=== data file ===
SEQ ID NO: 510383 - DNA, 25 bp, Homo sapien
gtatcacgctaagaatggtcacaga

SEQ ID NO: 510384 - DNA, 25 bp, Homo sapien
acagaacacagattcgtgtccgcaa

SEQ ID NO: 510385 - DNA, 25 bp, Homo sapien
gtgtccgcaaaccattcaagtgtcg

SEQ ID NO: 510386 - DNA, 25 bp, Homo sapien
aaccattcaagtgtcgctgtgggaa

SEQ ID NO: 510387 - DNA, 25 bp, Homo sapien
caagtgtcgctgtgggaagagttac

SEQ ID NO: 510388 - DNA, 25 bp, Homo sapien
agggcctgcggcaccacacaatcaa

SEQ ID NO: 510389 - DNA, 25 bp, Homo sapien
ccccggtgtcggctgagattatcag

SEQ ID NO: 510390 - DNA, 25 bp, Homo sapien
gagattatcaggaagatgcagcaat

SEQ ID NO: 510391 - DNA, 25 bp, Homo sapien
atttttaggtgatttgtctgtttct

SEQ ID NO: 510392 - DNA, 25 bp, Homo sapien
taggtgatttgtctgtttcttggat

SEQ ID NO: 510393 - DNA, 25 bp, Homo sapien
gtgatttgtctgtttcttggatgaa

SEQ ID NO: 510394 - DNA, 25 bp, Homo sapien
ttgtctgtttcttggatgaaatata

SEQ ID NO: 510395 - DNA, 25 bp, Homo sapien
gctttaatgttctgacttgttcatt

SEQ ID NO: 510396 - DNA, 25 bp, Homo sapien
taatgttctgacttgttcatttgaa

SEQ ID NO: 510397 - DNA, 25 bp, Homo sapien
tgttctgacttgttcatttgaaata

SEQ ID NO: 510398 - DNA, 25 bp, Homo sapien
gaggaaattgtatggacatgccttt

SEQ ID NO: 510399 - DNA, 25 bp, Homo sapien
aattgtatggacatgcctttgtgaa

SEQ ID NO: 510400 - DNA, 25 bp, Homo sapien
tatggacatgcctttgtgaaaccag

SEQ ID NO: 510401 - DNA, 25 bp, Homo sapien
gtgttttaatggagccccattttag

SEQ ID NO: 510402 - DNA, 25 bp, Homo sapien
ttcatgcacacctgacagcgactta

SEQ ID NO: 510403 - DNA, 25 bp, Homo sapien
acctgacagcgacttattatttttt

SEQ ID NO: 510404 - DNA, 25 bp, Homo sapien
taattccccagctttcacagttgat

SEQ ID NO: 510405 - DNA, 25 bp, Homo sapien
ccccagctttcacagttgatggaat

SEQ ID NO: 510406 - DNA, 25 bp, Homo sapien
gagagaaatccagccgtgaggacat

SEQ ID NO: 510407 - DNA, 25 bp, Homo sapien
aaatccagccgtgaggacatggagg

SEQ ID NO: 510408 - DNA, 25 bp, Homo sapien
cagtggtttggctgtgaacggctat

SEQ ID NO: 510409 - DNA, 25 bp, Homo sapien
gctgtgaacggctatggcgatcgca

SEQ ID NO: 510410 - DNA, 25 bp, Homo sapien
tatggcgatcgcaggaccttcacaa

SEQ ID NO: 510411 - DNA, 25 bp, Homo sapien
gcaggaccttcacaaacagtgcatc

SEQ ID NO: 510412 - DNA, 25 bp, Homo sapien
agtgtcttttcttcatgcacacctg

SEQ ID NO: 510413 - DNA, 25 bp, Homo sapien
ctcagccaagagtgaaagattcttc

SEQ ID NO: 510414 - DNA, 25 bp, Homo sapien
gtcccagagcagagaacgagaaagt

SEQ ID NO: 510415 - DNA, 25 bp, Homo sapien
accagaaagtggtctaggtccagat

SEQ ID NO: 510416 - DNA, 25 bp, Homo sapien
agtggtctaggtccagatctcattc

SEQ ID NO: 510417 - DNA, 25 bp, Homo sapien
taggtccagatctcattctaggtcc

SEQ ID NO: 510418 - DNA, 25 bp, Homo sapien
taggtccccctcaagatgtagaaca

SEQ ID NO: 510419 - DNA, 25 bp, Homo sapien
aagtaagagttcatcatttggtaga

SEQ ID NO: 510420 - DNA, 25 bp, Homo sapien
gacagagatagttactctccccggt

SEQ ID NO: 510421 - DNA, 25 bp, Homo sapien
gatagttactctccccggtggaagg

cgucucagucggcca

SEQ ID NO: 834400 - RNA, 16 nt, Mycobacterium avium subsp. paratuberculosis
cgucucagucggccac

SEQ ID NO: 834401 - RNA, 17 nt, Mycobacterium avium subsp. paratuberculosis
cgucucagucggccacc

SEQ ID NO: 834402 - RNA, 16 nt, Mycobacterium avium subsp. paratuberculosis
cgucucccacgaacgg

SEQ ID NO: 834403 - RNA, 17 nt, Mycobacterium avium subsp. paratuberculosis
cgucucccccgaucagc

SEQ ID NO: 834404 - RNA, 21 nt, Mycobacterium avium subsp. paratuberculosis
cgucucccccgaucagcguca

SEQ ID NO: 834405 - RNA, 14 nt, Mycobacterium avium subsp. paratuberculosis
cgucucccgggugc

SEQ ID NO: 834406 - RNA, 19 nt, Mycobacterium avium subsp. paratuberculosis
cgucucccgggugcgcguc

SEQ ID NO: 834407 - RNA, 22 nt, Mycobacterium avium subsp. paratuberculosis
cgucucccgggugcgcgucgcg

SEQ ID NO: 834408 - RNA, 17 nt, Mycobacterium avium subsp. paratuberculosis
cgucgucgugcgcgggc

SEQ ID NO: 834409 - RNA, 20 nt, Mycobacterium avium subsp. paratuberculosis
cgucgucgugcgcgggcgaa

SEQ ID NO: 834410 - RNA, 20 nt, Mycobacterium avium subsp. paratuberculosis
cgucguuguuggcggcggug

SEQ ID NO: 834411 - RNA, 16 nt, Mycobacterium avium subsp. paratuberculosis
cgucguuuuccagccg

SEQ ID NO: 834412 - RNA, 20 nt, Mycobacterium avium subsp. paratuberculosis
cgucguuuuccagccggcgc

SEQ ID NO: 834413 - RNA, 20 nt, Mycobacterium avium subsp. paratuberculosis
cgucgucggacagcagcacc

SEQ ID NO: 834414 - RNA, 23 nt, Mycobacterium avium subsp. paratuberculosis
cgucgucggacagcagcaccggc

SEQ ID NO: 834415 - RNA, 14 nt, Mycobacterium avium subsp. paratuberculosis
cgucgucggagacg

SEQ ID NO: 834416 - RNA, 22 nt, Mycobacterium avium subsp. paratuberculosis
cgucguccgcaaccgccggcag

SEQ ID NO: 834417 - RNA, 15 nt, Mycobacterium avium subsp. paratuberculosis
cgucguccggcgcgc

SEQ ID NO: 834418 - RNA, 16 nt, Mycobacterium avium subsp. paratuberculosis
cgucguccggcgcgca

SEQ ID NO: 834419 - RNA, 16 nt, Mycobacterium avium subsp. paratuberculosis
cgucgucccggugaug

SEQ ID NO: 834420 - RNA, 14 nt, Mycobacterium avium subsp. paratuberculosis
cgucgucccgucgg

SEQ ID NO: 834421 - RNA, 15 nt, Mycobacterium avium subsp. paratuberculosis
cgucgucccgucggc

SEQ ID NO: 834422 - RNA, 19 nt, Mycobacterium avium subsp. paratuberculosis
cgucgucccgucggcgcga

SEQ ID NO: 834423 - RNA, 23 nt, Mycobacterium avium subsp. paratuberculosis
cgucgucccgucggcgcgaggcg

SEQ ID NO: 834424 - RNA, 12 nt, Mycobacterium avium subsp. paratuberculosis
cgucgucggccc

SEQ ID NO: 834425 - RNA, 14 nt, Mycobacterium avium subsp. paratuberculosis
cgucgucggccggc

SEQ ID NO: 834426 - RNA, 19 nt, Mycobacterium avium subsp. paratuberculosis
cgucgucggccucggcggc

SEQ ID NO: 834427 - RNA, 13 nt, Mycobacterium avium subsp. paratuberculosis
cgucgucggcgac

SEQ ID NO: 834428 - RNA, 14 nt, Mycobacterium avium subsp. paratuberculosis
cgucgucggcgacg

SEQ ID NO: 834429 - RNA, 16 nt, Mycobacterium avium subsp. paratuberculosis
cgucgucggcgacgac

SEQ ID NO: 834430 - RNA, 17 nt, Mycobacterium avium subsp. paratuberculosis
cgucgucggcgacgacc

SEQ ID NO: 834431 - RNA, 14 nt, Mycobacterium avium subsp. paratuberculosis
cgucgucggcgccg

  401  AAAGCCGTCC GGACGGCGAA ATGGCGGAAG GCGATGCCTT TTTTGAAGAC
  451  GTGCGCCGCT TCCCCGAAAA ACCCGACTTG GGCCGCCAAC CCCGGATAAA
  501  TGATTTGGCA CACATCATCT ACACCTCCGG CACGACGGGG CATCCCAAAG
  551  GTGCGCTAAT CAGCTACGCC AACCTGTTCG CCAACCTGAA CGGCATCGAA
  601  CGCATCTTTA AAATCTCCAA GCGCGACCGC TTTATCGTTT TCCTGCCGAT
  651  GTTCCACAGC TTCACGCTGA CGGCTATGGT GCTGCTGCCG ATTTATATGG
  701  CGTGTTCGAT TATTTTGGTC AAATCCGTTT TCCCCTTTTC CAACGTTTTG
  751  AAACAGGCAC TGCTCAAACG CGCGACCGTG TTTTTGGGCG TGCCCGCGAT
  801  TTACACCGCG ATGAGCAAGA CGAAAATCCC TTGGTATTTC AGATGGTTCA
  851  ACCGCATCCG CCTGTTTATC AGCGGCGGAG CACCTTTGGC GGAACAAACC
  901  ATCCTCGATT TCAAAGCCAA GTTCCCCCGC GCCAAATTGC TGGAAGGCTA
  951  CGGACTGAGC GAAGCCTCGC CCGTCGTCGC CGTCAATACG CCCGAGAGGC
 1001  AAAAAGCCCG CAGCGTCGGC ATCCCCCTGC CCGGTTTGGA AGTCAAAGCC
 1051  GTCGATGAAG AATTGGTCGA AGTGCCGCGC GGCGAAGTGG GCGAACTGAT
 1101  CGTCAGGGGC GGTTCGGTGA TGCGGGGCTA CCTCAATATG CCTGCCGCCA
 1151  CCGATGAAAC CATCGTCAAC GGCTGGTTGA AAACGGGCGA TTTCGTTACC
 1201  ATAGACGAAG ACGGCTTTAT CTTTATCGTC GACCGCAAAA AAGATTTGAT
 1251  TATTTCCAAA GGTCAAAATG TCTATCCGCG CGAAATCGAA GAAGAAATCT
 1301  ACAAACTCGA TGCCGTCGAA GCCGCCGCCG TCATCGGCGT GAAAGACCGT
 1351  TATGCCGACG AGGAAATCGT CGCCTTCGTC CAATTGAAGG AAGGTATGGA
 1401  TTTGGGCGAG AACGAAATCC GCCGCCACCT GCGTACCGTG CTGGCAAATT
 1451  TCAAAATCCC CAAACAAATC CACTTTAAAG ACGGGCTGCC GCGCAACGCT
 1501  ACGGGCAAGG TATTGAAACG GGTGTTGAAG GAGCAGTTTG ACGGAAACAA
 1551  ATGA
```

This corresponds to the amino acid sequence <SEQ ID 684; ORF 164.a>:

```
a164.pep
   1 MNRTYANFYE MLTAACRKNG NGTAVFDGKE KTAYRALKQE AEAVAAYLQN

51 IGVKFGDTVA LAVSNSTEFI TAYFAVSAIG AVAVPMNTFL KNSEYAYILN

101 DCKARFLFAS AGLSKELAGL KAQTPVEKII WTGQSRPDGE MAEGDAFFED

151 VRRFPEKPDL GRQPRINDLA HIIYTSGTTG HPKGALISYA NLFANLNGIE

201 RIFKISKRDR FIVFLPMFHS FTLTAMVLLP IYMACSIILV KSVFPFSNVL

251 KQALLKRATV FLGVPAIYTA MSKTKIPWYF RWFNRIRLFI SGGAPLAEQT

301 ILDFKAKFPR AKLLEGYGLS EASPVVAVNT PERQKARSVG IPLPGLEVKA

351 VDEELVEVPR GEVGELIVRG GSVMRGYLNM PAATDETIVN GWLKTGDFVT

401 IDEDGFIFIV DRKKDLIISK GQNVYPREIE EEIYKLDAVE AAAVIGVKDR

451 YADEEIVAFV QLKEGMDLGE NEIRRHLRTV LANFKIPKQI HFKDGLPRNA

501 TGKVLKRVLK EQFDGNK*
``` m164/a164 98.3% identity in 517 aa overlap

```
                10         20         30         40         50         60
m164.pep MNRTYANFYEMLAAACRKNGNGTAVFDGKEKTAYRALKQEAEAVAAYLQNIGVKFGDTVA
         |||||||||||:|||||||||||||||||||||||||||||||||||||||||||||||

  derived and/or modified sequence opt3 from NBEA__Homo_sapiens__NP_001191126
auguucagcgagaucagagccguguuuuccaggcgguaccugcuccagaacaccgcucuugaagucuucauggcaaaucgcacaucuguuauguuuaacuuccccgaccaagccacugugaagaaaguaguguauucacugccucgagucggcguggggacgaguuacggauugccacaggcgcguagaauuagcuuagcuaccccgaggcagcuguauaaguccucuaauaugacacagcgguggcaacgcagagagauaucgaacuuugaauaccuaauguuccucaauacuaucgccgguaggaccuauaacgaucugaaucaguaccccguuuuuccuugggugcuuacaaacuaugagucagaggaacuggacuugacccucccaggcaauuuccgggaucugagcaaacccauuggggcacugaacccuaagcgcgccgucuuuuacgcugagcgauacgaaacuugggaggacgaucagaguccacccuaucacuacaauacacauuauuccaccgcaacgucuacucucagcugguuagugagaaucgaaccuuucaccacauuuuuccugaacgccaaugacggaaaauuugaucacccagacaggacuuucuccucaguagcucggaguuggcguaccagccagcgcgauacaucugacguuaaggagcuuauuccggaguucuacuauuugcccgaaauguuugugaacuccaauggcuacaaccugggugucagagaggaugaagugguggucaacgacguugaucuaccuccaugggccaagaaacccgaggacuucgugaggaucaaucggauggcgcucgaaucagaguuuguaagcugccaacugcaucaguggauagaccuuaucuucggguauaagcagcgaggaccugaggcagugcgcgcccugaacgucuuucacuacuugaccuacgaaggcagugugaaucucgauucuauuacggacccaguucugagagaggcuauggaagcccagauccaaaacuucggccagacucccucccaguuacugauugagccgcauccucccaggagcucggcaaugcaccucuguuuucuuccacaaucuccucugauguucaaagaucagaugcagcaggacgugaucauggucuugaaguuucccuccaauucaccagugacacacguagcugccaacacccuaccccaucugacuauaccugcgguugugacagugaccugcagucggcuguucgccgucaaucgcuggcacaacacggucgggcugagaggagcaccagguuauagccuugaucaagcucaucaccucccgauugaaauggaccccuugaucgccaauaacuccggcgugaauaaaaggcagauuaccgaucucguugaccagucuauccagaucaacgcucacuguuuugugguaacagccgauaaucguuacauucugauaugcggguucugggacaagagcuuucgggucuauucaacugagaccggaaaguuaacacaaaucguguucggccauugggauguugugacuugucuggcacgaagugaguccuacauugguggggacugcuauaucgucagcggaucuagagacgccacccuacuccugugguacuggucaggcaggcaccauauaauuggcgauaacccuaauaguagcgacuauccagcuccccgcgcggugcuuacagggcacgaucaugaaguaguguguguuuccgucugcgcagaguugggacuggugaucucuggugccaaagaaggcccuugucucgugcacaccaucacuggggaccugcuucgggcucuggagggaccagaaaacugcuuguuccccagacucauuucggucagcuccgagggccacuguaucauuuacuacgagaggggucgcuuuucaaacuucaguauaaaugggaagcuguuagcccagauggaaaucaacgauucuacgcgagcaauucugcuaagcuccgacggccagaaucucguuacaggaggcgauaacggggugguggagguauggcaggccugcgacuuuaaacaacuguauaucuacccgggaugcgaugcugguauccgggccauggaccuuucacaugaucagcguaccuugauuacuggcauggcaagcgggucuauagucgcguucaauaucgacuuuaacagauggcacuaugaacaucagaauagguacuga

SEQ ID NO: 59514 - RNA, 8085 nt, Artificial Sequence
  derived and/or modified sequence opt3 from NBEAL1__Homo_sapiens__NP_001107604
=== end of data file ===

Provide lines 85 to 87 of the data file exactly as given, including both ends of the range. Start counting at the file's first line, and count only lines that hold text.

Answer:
cgucucccacgaacgg

SEQ ID NO: 834403 - RNA, 17 nt, Mycobacterium avium subsp. paratuberculosis
cgucucccccgaucagc